The Legacy of Elizabeth Pringle by Kirsty Wark

The Legacy of Elizabeth Pringle

Kirsty Wark
@KirstyWark
Hodder & Stoughton
March 2014

Kirsty Wark is one of Scotland's best known journalists, broadcasters and writers. In this, her debut novel, she tells the tale of 90-year old Elizabeth Pringle who bequeaths her Arran home to a stranger - an unfulfilled thirtysomething journalist called Martha. Only then, through Martha's eyes, does the true, heartbreaking story of Elizabeth's life begin to unfold.

A lovely way to burn by Louise Welsh

A Lovely Way to Burn (Plague Times Trilogy 1)

Louise Welsh
@LouiseWelsh00
John Murray
March 2014

In a London gripped by a global pandemic called 'The Sweats' it doesn't look like murder. However, Stevie Flint is convinced the death of her boyfriend was not from natural causes. In urban streets thronged with panicked, fleeing Londonders, Stevie's search takes her in the opposite direction in this first part of a trilogy from The Cutting Room author.

Little Egypt by Lesley Glaister

Little Egypt

Lesley Glaister
Salt
March 2014

Somerset Maugham winner Lesley Glaister’s 12th novel took 20 years to come to fruition. Little Egypt is a now-derelict house trapped between road, rail and supermarket. Inside its walls live nonagenarian twins Iris and Osris. Their lives are petering out until a chance meeting opens up the fascinating history of their parents’ neglect and obsession with Howard Carter’s Egypt in the 1920s on the cusp of Western discovery.

Northanger Abbey by Val McDermid

Northanger Abbey

Val McDermid
@ValMcDermid
HarperCollins
March 2014

When asked to rework Jane Austen's novel, and add a contemporary twist, Scottish crime-writer Val McDermid thought "I thought, me and Jane Austen? That's such a f**king natural pairing. But I'm absolutely delighted by the idea." McDermid promises to up Northanger's fear factor in this mouth-wateringly unusual marriage.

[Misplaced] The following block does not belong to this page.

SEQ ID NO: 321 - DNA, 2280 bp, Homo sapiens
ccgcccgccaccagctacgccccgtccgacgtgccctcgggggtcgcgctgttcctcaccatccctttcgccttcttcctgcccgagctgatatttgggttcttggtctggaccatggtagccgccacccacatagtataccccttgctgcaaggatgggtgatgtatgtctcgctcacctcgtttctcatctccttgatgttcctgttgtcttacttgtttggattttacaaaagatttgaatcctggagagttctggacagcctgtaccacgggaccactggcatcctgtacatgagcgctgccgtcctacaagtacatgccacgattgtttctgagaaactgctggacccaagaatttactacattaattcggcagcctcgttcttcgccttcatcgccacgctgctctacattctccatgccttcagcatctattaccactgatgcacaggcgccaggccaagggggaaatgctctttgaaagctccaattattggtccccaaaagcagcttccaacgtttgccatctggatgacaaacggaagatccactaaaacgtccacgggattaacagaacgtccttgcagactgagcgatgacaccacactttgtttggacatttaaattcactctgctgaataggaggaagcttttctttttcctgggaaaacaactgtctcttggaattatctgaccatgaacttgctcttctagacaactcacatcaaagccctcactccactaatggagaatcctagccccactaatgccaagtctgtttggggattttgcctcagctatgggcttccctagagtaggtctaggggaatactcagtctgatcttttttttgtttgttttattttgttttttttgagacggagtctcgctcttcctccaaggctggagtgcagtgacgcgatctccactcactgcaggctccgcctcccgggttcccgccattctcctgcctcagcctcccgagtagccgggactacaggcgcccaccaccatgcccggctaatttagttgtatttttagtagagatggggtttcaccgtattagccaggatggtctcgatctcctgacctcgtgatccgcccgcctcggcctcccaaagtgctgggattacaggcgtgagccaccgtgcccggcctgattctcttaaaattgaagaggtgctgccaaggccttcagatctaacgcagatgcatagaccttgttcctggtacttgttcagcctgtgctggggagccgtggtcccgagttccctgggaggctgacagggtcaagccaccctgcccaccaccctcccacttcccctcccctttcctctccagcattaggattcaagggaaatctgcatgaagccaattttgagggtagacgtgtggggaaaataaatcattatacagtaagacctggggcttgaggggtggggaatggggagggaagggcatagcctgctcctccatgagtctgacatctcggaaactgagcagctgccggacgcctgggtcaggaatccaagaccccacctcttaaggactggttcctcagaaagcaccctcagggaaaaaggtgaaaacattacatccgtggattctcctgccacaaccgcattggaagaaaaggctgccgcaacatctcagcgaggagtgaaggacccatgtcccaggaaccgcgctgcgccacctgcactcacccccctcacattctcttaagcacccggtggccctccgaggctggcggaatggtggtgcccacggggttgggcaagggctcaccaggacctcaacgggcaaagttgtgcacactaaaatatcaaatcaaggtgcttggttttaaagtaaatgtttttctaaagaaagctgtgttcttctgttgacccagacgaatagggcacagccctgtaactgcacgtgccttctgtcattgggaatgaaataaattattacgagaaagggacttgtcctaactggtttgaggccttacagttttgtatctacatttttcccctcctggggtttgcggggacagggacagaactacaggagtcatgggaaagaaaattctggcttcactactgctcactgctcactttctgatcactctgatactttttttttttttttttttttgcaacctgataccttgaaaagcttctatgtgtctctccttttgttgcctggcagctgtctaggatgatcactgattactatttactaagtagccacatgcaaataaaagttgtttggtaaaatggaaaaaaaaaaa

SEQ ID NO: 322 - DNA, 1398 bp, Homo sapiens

Read Val McDermid's list of 5 great picture books to share with your kids.

 
England Expects by Sara Sheridan

England Expects

Sara Sheridan
@SaraSheridan
Polygon
April 2014

Sara Sheridan’s third Mirabelle Bevan mystery is set in the 1953 heatwave and sees Mirabelle and Vesta set off on a breathless investigation that leads them through Brighton’s crumbling pavilion and Cambridge’s quads. Sheridan is obsessed with Britain in the immediate aftermath of WW2 and brilliantly brings the period to life in her books. Listen to her describe her research into the period in our Book Talk interview.

Indecent Acts by Nick Brooks

Indecent Acts

Nick Brooks
Frieght Books
April 2014

This “humour soaked book” is reported almost entirely in Grace’s tongue - a semi-illiterate 40-something mother from Drumchapel. Looking after her grandson, fearing for her drug-addicted daughter and worried about her son’s intention to join the army, Grace’s story is written in her “inimitable misspelt patois” and sounds like a heartwarming riot of a book.  

Gone Are the Leaves by Anne Donovan

Gone are the Leaves

Anne Donovan
Canongate
April 2014

Anne Donovan’s tender portrayal of contemporary family life in Buddha Da earnt the author a special place in the heart of those who read it. In her third novel Donovan tells the tale of an unlikely friendship of a talented choir boy, Feilamort, and a young embroiderer's apprentice named Deirdre, forced to choose between a loveless marriage or a life of prayer and solitude.

Read Anne Donovan's selection of 5 books about the relationship between land and people.

Ghost Moon Ron Butlin

Ghost Moon

Ron Butlin
@RonButlinMakar
Salt
April 2014

Edinburgh’s Makar intertwines two narratives set in Scotland’s capital in his new novel Ghost Moon. Maggie is now in a care home, visited regularly by her son Tom. Shards of her harrowing youth poke through the fug of her dementia, including her estrangement from her family, in the 1950s, due to a scandalous pregnancy.

The Stillman by Tom McCulloch

The Stillman

Tom McCulloch
Sandstone Press
April 2014

The Dingwall-based publisher Sandstone Press already has two Man Booker longlistings under their belt this decade - a stunning achievement. In Tom McCulloch's debut about a stillman at a Highland distillery they have an intriguing premise. The book has been described by author James Robertson as containing "acute observation and wickedly black humour". One to watch?